Very nearly baked to perfection.

Use your largest sturdy pie dish or a ceramic or enameled cast iron baking dish; oval will do. The spicing and sweetening in these proportions is restrained so that the predominant flavor is apple. Adjust to your taste, by all means. Sometimes, if the apples are lackluster, I’ll add a few tablespoons minced candied ginger, like my mother used to do.

  • 12 generous cups of sliced apples (10 to 12 big apples. My favorites: Cortland, Spy, Empire, Baldwin, Ben Davis, Twenty-Ounce Pippin)
  • juice of half a lemon
  • 5 tablespoons all-purpose flour
  • 2/3 – 3/4 cup granulated cane juice or organic sugar (tons more flavor than commercial white sugar)
  • 1 1/2 teaspoons ground cinnamon
  • 1/4 nutmeg, grated
  • 1/4 teaspoon ground cloves
  • 1 teaspoon ground allspice

Preheat oven to 400 degrees.

Put the apple slices in a large mixing bowl. Squeeze lemon juice all over. In a small bowl, combine the flour, sugar, and spices. Toss with the apples. Set aside.

On a well-floured surface, with a well-floured rolling pin, roll one of your pastry disks thinly and evenly, eyeballing your pie dish to approximate the shape and size. Line the dish with the pastry, letting the excess hang over the perimeter of the dish. Dump in the apples, but try to arrange them fairly compactly, rising in the center as a truncated cone. (If they don’t heap as high as you’d like, quickly prep a few more and add to the top.)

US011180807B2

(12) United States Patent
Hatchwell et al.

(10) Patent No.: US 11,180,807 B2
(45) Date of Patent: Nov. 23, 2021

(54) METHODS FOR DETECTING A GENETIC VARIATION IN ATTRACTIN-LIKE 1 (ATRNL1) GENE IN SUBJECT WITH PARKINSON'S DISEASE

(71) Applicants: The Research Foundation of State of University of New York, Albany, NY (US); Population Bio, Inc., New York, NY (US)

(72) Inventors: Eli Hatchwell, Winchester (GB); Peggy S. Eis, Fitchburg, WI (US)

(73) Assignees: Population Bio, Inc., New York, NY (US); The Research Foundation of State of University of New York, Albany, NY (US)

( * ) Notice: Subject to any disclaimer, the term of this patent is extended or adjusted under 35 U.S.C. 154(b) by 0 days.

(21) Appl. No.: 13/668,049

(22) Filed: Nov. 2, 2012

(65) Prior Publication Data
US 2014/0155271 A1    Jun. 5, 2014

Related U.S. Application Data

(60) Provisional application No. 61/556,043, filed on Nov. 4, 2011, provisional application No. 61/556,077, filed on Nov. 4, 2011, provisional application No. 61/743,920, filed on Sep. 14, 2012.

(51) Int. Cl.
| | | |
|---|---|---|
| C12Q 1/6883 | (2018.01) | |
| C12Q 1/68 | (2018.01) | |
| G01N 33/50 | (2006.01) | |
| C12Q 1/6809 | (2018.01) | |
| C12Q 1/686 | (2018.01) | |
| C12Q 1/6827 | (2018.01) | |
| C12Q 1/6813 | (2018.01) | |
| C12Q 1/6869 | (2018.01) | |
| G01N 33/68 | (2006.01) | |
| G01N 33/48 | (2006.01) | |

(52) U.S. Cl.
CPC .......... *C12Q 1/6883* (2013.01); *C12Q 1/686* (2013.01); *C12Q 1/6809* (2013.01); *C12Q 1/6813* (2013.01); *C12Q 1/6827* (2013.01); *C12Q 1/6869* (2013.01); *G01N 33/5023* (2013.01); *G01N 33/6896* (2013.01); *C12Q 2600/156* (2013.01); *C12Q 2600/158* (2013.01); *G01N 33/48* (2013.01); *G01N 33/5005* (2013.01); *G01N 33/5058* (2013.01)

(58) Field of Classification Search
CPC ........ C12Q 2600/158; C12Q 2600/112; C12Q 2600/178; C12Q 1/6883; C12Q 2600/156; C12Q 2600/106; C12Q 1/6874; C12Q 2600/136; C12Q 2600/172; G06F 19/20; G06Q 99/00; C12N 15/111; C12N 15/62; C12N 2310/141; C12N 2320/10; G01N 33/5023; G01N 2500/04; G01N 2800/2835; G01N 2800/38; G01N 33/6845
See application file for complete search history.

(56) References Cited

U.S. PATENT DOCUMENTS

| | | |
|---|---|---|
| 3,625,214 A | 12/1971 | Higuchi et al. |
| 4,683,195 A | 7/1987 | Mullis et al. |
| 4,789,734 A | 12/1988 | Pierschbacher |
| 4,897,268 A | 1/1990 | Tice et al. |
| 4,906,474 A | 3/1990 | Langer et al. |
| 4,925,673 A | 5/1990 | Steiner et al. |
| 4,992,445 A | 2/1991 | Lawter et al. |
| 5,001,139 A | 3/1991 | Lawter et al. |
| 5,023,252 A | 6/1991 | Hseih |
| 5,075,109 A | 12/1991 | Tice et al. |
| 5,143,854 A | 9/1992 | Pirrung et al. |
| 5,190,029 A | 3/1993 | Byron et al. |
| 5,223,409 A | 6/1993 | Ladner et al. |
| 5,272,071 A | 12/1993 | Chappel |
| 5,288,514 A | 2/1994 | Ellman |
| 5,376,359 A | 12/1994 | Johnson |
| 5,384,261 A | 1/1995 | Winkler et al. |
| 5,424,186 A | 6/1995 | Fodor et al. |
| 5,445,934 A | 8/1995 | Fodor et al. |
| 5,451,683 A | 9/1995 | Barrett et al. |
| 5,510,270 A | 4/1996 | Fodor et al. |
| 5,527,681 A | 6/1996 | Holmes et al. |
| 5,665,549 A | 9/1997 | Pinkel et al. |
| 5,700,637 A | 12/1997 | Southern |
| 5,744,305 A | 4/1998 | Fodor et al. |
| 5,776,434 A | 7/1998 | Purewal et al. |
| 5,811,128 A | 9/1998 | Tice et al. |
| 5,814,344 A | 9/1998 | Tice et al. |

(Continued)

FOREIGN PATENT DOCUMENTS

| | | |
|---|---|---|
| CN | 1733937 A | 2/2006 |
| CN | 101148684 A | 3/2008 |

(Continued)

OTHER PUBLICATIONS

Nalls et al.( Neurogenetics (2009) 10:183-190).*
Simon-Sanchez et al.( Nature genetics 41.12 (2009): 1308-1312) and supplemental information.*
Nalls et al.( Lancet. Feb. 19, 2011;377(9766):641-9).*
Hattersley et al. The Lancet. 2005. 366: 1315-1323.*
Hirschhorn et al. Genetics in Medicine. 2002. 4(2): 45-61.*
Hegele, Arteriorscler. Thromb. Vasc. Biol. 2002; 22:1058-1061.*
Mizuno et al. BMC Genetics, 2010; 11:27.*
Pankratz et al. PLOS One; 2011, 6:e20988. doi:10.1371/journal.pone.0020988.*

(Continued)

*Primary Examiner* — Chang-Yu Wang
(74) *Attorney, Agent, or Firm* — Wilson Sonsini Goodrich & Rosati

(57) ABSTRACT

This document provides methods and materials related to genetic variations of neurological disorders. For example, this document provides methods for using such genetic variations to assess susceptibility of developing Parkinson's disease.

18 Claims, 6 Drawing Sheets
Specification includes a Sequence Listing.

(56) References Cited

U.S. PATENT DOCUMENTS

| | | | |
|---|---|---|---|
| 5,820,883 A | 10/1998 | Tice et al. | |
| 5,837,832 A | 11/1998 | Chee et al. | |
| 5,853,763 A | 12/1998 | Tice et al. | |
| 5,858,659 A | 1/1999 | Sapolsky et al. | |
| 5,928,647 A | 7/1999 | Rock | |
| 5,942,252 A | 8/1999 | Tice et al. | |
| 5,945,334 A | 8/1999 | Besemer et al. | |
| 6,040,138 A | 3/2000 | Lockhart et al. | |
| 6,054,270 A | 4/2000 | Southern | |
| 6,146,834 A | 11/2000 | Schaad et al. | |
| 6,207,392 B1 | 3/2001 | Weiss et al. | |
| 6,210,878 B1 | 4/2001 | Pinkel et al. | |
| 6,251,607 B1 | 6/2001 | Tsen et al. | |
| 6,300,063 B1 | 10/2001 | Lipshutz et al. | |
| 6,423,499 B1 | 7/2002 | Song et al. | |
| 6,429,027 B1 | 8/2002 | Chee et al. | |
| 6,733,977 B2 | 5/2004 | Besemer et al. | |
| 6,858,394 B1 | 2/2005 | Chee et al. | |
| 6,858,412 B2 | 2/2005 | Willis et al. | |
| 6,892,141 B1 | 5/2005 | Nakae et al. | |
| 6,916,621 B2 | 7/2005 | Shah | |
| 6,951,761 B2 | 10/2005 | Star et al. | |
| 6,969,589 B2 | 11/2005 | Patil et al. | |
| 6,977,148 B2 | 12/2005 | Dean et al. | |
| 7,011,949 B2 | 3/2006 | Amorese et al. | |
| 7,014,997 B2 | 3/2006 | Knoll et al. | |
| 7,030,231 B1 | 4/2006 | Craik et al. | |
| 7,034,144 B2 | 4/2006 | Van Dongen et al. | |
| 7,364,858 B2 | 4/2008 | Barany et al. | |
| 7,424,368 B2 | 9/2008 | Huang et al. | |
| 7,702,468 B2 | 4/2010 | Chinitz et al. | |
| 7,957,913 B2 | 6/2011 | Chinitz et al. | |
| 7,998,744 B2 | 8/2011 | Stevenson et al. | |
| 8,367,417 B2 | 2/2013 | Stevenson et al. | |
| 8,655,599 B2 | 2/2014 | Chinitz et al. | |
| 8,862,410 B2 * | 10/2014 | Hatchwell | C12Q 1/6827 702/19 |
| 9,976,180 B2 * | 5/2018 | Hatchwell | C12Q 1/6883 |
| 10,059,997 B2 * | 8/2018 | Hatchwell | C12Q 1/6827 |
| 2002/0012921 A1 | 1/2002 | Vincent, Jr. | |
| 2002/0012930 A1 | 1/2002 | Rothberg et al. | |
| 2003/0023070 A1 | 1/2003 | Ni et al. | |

Roll out the top crust. Moisten the top of the pastry on the dish’s edge around the apples with a little cold water. Lay the top crust on, and press very gently to seal where moistened. Use scissors to trim excess pastry away, leaving at least 1 inch of overage. Crimp the edges decoratively together, brush the surface with a very little cold water, and sprinkle with a smattering of sugar if desired. Slash a few attractive vents on the upper crust.

Place in the center of the oven. After 10 minutes, turn the heat down to 350, and bake another 45 minutes or more. The pie isn’t done until you see definitive bubbling action in the center slit. If pastry is golden-brown before the filling simmers, you may drop the temperature another 25 degrees and, if you feel that it’s apt to brown too much, drape it loosely with foil. Whatever you do, do not underbake the pie.

Allow to cool most of the way before serving.

Serves 10 to 12

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